Technology

Scientists Link Up Monkey Brain in World-First Experiment

In a provocative study reminiscent of the hive mind network of Star Treks’ Borg villains, researchers have created shared brain networks for the first time by digitally linking multiple animal brains in two ground-breaking experiments.
Neuroscientists at Duke University in the US linked together the brains of monkeys and rodents in separate experiments to study how they can work together to perform simple computational tasks.
The neural network created, which the researchers call a ‘Brainet’, lets the animals share both sensory and motor information with one another, enabling them to complete tasks via their collective thoughts.
This means they could potentially outperform a regular brain, because they now have access to the resources of a hive mind.
“Essentially, we created a super-brain,” Miguel Nicolelis, the lead author of the study, told Hannah Devlin at The Guardian. “A collective brain created from three monkey brains. Nobody has ever done that before.”
In the monkeys experiment, the researchers wired together three rhesus macaque monkeys and implanted receptors in their motor and somatosensory cortices to capture and transmit the brain activity.
Once connected, the three monkeys were able to control the movements of a virtual avatar’s arm on a computer screen in front of them. Each monkey had control over only two dimensions of movement, requiring the concentration of at least two of the three animals to successfully move the arm.
In a separate experiment, rodents were linked together by having microwire arrays attached to their somatosensory cortex. The animals then engaged in various memory and pattern recognition tasks together, with the researchers noting if their collective performance was equal or better to that of an individual animal.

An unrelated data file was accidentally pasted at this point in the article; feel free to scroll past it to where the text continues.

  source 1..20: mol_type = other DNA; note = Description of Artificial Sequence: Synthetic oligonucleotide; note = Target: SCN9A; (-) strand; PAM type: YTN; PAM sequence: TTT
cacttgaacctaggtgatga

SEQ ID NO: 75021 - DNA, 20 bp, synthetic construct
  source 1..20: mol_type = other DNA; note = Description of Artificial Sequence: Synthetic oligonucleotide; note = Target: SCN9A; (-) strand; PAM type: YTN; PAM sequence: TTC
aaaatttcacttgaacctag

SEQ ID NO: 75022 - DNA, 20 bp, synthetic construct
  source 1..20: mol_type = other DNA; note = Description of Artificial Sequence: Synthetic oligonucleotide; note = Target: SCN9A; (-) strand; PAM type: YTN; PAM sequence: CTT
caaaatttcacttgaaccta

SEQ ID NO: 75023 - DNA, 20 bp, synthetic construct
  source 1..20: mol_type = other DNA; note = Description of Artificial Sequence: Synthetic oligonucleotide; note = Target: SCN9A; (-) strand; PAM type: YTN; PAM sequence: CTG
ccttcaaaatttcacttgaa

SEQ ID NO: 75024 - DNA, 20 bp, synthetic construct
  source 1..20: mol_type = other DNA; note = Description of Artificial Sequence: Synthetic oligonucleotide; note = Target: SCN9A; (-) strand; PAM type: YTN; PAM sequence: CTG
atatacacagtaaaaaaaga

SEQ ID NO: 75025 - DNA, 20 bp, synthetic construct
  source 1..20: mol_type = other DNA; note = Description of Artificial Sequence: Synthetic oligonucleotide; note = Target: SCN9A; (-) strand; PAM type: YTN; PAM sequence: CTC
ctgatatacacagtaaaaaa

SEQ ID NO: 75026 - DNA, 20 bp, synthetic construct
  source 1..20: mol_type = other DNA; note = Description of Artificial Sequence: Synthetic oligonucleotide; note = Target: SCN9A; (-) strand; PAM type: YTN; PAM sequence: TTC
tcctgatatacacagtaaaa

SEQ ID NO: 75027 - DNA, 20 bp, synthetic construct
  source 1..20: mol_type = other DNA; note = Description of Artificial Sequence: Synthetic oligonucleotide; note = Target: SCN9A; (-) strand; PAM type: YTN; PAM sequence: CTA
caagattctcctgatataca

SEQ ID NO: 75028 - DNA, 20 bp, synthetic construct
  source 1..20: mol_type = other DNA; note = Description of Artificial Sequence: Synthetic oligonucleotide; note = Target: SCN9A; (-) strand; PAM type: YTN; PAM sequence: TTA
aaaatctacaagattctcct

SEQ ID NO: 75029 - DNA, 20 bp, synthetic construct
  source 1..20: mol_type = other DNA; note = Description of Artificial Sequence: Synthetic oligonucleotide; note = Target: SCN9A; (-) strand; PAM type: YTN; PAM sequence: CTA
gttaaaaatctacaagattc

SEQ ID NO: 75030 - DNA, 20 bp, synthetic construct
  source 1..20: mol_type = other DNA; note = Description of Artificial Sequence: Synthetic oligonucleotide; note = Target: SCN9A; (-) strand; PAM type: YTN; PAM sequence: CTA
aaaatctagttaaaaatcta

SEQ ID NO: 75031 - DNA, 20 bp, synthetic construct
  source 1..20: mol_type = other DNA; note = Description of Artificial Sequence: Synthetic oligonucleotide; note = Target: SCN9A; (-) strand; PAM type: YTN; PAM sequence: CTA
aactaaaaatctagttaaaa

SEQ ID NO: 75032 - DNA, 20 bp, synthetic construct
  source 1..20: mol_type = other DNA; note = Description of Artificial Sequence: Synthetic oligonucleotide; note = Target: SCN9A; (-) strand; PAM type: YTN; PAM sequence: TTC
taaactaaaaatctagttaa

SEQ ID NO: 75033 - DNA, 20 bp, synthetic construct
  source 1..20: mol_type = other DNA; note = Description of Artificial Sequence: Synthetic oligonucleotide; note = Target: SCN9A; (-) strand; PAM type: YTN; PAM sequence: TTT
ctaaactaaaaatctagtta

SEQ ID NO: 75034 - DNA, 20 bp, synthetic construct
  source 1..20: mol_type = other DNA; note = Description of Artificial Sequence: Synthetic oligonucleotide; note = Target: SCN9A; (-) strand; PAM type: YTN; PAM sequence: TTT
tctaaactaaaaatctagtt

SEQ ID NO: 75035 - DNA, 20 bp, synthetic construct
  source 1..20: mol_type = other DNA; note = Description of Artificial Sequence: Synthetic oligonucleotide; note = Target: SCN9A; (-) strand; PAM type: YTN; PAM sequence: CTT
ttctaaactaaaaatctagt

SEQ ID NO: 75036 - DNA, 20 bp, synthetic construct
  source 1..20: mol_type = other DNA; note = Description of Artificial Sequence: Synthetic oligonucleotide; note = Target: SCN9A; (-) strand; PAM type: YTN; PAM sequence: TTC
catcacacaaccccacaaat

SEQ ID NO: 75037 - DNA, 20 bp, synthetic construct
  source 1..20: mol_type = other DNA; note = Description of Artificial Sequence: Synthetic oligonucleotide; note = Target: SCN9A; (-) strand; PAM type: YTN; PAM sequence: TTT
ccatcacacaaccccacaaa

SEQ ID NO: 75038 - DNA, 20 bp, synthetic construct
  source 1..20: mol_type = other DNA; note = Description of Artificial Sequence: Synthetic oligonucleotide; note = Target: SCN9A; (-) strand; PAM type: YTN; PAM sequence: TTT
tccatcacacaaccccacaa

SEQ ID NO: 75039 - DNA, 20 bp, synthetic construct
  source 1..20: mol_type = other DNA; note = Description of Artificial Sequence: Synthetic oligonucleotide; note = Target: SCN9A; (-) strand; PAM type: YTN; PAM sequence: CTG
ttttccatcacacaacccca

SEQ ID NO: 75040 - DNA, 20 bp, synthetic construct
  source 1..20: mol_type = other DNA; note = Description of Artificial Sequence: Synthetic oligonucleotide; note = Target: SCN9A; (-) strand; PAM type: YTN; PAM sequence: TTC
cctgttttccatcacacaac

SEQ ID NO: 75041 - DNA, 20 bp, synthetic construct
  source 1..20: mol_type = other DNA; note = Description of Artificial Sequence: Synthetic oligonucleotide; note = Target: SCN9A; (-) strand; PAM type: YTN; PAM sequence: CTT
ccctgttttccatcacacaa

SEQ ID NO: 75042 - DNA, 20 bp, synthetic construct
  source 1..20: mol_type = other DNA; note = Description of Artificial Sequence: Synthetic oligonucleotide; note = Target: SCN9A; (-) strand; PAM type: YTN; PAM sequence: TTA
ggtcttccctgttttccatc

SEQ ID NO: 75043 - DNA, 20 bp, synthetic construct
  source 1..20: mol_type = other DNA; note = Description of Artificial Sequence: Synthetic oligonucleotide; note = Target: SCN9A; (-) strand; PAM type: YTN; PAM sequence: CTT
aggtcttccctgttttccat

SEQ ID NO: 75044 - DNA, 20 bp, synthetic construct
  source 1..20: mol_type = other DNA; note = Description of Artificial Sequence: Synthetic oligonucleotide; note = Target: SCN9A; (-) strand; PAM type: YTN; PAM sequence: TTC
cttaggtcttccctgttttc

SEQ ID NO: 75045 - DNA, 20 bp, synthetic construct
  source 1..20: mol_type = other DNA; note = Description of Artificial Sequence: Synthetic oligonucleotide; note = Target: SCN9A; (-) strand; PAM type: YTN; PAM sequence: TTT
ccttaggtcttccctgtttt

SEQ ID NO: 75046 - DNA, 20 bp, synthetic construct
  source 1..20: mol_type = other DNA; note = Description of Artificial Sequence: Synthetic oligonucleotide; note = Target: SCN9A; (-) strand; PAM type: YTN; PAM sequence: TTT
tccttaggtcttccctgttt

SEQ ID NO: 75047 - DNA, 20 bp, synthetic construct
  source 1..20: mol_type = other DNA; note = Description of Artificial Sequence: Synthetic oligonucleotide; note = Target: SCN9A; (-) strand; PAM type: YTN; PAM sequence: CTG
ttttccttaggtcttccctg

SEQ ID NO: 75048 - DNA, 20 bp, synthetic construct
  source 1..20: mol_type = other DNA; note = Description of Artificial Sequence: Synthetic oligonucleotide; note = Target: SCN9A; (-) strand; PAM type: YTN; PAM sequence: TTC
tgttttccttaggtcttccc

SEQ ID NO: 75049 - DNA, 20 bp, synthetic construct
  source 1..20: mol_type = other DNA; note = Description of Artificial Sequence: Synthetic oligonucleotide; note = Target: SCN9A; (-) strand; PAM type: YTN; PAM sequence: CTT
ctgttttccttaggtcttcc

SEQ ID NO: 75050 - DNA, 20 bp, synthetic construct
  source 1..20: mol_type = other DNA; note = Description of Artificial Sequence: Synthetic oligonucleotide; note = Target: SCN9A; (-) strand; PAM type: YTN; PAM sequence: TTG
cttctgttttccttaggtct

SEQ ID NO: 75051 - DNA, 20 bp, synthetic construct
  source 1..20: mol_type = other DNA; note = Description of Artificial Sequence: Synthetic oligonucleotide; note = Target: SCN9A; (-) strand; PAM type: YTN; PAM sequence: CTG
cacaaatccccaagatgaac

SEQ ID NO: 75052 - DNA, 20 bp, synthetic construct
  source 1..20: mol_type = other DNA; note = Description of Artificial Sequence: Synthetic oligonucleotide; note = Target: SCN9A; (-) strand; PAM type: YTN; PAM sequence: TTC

“This is the first demonstration of a shared brain-machine interface, a paradigm that has been translated successfully over the past decades from studies in animals all the way to clinical applications,” Nicolelis said in a statement. “We foresee that shared BMIs will follow the same track, and could soon be translated to clinical practice.”
The long-term potential of the research is unknown, but it could have massive implications for human networking, with brain rehabilitation in stroke victims mentioned as one of the opportunities the researchers are interested in exploring.
But as for the real-time ‘Brainet’ sharing of complex information, personal ideas, and emotional experiences between people? Experts think society wouldn’t want it, even if it were technologically possible.
“There may be special instances where you’d want a long-term connection with someone – like a married couple or a military platoon,” commented Anders Sandberg of the University of Oxford, who was not involved in the research. “But there’s no guarantee that brain-to-brain interfaces will be a sensible thing in practice. There’s something to be said for neural privacy.”
And, of course, anybody who’s seen even a small amount of science fiction cinema made in the last 30 years knows we’re on dangerous ground here. In the movies at least, neural networks and hive minds tend to create all kinds of problems for the unwitting humans who create or jack into them: namely the aforementioned Borg, The Matrix, Minority Report, Lawnmower Man, Brainstorm (and the list goes on…). But Nicolelis doesn’t seem too worried.
“We’re conditioned by movies and Hollywood to think that everything related to science is dangerous and scary,” he told Devlin. “These scary scenarios never crossed my mind and I’m the one doing the experiments.”
The research is published in Scientific Reports.